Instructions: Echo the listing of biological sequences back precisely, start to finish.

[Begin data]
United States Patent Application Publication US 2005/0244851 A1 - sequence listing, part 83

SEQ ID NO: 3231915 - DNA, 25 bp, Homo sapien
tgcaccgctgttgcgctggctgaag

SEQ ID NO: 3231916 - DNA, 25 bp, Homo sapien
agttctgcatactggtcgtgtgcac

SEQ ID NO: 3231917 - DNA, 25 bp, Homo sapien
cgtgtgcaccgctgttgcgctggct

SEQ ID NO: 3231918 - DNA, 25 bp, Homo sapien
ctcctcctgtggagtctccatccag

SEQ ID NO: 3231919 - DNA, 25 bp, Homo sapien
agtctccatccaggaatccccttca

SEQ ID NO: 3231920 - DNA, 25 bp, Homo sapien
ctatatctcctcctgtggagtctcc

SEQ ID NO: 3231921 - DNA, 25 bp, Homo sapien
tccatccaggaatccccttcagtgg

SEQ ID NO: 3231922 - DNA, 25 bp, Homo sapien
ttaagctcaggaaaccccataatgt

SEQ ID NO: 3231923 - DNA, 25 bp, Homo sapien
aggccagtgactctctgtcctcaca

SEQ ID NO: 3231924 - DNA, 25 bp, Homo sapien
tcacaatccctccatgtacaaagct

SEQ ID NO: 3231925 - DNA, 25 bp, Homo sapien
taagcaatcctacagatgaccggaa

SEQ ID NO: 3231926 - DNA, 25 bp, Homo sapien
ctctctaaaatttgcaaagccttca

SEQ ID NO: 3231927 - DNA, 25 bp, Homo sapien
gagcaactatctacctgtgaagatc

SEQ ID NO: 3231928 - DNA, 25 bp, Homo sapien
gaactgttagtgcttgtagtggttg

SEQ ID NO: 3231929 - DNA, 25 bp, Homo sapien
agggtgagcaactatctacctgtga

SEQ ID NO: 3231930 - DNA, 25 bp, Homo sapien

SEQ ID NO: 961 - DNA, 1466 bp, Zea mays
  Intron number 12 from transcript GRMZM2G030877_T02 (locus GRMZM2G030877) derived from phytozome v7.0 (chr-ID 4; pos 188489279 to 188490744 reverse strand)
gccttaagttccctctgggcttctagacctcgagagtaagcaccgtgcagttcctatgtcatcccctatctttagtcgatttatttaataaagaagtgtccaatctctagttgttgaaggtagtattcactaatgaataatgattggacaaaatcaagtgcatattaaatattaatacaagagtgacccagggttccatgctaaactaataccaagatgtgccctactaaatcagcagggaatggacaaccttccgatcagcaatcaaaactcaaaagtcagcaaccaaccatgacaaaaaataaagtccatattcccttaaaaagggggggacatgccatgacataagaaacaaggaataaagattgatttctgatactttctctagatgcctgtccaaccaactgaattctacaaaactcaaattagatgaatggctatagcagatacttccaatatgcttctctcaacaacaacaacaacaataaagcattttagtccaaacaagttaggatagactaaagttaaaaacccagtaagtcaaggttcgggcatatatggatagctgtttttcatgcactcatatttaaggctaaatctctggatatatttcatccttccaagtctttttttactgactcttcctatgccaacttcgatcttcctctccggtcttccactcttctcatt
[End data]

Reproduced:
United States Patent Application Publication US 2005/0244851 A1 - sequence listing, part 83

SEQ ID NO: 3231915 - DNA, 25 bp, Homo sapien
tgcaccgctgttgcgctggctgaag

SEQ ID NO: 3231916 - DNA, 25 bp, Homo sapien
agttctgcatactggtcgtgtgcac

SEQ ID NO: 3231917 - DNA, 25 bp, Homo sapien
cgtgtgcaccgctgttgcgctggct

SEQ ID NO: 3231918 - DNA, 25 bp, Homo sapien
ctcctcctgtggagtctccatccag

SEQ ID NO: 3231919 - DNA, 25 bp, Homo sapien
agtctccatccaggaatccccttca

SEQ ID NO: 3231920 - DNA, 25 bp, Homo sapien
ctatatctcctcctgtggagtctcc

SEQ ID NO: 3231921 - DNA, 25 bp, Homo sapien
tccatccaggaatccccttcagtgg

SEQ ID NO: 3231922 - DNA, 25 bp, Homo sapien
ttaagctcaggaaaccccataatgt

SEQ ID NO: 3231923 - DNA, 25 bp, Homo sapien
aggccagtgactctctgtcctcaca

SEQ ID NO: 3231924 - DNA, 25 bp, Homo sapien
tcacaatccctccatgtacaaagct

SEQ ID NO: 3231925 - DNA, 25 bp, Homo sapien
taagcaatcctacagatgaccggaa

SEQ ID NO: 3231926 - DNA, 25 bp, Homo sapien
ctctctaaaatttgcaaagccttca

SEQ ID NO: 3231927 - DNA, 25 bp, Homo sapien
gagcaactatctacctgtgaagatc

SEQ ID NO: 3231928 - DNA, 25 bp, Homo sapien
gaactgttagtgcttgtagtggttg

SEQ ID NO: 3231929 - DNA, 25 bp, Homo sapien
agggtgagcaactatctacctgtga

SEQ ID NO: 3231930 - DNA, 25 bp, Homo sapien

SEQ ID NO: 961 - DNA, 1466 bp, Zea mays
  Intron number 12 from transcript GRMZM2G030877_T02 (locus GRMZM2G030877) derived from phytozome v7.0 (chr-ID 4; pos 188489279 to 188490744 reverse strand)
gccttaagttccctctgggcttctagacctcgagagtaagcaccgtgcagttcctatgtcatcccctatctttagtcgatttatttaataaagaagtgtccaatctctagttgttgaaggtagtattcactaatgaataatgattggacaaaatcaagtgcatattaaatattaatacaagagtgacccagggttccatgctaaactaataccaagatgtgccctactaaatcagcagggaatggacaaccttccgatcagcaatcaaaactcaaaagtcagcaaccaaccatgacaaaaaataaagtccatattcccttaaaaagggggggacatgccatgacataagaaacaaggaataaagattgatttctgatactttctctagatgcctgtccaaccaactgaattctacaaaactcaaattagatgaatggctatagcagatacttccaatatgcttctctcaacaacaacaacaacaataaagcattttagtccaaacaagttaggatagactaaagttaaaaacccagtaagtcaaggttcgggcatatatggatagctgtttttcatgcactcatatttaaggctaaatctctggatatatttcatccttccaagtctttttttactgactcttcctatgccaacttcgatcttcctctccggtcttccactcttctcatt